Nervous about asking for a raise? Follow this advice from career experts, and you might just get what you want.
They negotiate from the start.
“How well you negotiate at the beginning sets you up for how well your salary flows in the future,” says HR consultant Laurie Ruettimann, author of I Am HR: 5 Strategic Ways to Break Stereotypes and Reclaim HR. When asked about your salary expectations, respond by asking what the new job will pay, instead of presenting your personal salary history. “If you follow prescriptive advice and you never take a risk, especially during salary negotiations, you don't earn a reward,” says Ruettimann.
Another tactic she recommends is asking for the “best first offer” (the maximum that they’re able to give) when discussing compensation for a new job, because it presents the assumption that you won’t need to negotiate a higher salary.
They do their research.
“When women do not do their research, they typically undervalue themselves at 30 percent,” says Sara Laschever co-author of Women Don’t Ask and Ask For It, and the Academic Coordinator for the WIN Summit. Sites like Glass Door and Salary.com will help you get a sense of the market and how your current salary compares.
They activate their networks.
Your connections can offer even more valuable information than a website. Money can be difficult to talk about, but if you simply ask for salary ranges, you’ll have a better sense of what you should be asking for in your meeting, says Kathleen Harris, VP Content Development at Levo. Additionally, expand your network from just your coworkers (it might be less awkward, anyway). Ask old classmates or people in your alumni network for guidance and insight, says Laschever.
They understand that timing is everything.
“It’s very difficult to negotiate your salary off of the performance management cycle,” Ruettimann says. This means you should typically wait until review time to bring up the conversation, because that’s when employers and companies are most prepared to discuss compensation. However, it’s smart to preempt the conversation by checking in with your boss a month ahead of time for an “impromptu performance review,” says Harris, so that you can asses your strengths and weaknesses, and how you can improve and grow in your position.
They give their bosses time to prepare.
“The surprise factor is never good,” says Harris. Make sure you give your employer notice that you want to discuss compensation. You don’t need to explicitly call it a meeting about salary negotiation—just asking to discuss your role in the company will tip your boss off that you will likely talk money.
They practice their speech.
Whether you outline it beforehand, read it in a mirror, or practice with a friend, make sure you’re comfortable with your talking points. Laschever recommends asking a friend to role play the conversation, because he or she can offer feedback on your speech and body language—you might not realize that you tend to shake your leg, tap your fingers on the desk, or gaze off into the distance when you’re thinking about a question.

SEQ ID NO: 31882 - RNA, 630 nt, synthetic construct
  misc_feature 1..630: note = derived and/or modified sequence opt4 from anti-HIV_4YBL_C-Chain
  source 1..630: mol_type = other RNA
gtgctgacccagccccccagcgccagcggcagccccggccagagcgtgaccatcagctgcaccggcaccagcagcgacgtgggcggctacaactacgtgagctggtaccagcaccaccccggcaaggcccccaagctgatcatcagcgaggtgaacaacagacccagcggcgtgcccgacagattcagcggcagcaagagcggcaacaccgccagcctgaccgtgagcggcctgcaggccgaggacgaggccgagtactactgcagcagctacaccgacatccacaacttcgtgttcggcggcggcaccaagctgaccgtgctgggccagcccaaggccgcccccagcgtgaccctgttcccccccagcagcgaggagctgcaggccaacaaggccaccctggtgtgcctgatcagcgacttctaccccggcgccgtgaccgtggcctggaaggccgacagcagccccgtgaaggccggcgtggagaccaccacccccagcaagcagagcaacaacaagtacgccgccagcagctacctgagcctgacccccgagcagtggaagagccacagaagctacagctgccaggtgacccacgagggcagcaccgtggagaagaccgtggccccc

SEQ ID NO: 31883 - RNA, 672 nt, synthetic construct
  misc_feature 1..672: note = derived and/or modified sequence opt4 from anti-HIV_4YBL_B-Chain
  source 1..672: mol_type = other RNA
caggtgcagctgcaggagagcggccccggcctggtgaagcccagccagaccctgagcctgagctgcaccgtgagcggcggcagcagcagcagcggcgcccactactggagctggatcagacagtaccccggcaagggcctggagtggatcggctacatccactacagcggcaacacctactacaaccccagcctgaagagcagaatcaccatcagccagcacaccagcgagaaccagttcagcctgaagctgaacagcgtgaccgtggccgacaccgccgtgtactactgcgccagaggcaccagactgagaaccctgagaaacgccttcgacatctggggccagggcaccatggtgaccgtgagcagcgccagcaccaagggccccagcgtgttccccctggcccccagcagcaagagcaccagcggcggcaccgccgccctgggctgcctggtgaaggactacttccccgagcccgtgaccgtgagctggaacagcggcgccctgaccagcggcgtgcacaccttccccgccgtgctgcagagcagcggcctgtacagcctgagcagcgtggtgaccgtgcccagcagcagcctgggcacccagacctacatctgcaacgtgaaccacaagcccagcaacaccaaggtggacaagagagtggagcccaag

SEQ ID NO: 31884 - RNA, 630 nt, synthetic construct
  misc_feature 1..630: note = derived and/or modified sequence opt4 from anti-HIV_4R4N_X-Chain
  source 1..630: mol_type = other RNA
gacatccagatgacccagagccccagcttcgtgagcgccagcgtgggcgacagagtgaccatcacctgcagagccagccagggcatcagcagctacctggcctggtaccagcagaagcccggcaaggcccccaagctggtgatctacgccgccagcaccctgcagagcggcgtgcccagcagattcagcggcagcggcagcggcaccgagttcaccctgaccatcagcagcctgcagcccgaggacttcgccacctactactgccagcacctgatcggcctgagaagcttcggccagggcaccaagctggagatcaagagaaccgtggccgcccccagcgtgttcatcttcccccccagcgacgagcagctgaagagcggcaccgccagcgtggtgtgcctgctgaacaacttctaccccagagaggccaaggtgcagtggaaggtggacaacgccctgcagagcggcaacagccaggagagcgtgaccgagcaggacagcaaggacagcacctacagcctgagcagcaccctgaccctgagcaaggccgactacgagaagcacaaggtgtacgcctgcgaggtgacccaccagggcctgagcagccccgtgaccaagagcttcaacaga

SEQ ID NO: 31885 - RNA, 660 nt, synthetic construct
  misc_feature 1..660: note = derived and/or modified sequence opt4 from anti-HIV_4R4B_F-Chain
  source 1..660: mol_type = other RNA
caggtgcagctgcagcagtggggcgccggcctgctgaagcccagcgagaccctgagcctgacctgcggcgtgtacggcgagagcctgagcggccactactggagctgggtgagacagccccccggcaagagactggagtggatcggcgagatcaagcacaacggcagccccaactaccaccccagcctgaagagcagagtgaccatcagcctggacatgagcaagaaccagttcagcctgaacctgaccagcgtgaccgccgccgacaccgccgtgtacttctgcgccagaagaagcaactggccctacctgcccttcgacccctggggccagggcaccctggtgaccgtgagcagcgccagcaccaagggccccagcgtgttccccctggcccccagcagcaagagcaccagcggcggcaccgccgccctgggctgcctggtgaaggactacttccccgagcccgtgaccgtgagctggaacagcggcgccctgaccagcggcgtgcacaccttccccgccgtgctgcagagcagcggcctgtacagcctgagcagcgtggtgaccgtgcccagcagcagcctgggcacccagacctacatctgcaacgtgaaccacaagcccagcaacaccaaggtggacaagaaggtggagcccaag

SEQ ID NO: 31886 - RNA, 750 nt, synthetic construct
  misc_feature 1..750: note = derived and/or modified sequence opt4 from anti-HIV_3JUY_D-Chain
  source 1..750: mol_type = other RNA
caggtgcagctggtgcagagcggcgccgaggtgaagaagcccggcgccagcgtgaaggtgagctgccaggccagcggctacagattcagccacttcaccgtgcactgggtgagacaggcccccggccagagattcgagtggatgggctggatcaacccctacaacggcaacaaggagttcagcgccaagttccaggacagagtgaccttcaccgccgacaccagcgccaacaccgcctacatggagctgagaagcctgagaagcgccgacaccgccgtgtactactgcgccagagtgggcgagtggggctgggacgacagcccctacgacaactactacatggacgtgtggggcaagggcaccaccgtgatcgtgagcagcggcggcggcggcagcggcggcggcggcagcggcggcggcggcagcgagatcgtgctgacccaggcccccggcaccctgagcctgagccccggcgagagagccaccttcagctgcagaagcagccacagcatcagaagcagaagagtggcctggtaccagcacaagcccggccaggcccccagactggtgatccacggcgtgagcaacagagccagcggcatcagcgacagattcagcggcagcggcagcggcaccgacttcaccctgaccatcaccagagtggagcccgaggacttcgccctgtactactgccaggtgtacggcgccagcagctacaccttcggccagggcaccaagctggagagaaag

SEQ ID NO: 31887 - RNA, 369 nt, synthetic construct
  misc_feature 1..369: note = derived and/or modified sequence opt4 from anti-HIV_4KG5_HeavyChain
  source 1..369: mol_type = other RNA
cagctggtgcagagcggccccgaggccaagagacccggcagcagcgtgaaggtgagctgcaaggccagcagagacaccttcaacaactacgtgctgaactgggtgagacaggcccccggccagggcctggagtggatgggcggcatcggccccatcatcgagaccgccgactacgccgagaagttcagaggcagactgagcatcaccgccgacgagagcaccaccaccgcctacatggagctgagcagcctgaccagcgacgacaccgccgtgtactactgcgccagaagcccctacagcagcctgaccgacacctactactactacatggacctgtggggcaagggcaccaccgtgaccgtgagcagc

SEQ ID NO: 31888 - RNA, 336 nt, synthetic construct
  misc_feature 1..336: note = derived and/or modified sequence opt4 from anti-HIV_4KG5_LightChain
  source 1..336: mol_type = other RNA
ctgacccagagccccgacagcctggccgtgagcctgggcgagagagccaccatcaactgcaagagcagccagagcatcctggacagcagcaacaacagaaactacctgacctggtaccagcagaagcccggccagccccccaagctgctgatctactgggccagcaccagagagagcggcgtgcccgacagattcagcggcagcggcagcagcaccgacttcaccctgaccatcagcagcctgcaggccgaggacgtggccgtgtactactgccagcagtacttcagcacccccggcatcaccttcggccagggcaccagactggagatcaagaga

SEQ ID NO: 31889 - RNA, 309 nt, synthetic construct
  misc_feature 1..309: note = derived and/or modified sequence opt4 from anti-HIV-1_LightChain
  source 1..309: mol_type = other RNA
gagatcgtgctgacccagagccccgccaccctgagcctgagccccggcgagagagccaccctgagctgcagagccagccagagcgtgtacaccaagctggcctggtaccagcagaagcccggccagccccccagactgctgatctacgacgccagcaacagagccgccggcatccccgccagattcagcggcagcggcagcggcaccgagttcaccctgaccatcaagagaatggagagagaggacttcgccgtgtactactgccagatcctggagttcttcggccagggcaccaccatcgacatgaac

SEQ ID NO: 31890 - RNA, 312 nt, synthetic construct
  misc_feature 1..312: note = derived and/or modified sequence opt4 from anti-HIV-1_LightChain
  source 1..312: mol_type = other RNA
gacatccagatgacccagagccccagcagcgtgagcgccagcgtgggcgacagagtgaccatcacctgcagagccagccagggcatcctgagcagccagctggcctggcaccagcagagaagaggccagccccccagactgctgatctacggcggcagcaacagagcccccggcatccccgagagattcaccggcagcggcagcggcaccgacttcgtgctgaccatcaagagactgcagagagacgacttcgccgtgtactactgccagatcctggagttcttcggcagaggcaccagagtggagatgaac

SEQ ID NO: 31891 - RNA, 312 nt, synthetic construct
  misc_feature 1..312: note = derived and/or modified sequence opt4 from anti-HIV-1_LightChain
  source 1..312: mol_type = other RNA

They walk into the room with a positive attitude.
“Cheerfulness is infectious, it’s catching,” says Laschever. Right before the discussion, do something that puts you in a good mood and calms your nerves. Here are six easy, soothing activities that will help you prep.
They emphasize gratefulness, enthusiasm, and value.
All of the experts agree that a negotiation is not an egocentric meeting—you should spend time emphasizing what you bring to the company. “There’s no ‘me, me, me,’” says Harris. Your manager would rather hear how you contribute to the company. “It’s so much more economical to retain great talent than to have to lose somebody and start recruiting from scratch,” says Harris.
They outline their accomplishments.
When you talk to anyone about numbers—be it your boss or human resources—you need to be prepared to answer the question, “Why now?” Outline accomplishments and projects that showcase your value. “They don’t really care that you can’t pay your cable bill,” says Ruettimann. “You need to be able to make a strong business case that retaining you is important to the business.”
They know their strengths and weaknesses.
The best negotiators are self-aware, and understand where they excel in the company, as well as areas they need to improve upon, says Ruettimann. Not only that, but they also have “a plan of action for addressing their deficiencies.” Everyone is flawed, but if you’re routinely checking in on your performance and improving upon those weaknesses, your manager will remember that during a compensation review.
They know when to be silent.
After you present the number or range, sit back and don’t say anything, says Harris. “Too many times, people start trying to fill that silence and end up double-talking or apologizing for asking, and that just weakens your message,” she says. Ask for what you want, and then wait for your answer. A clear and direct approach goes a long way.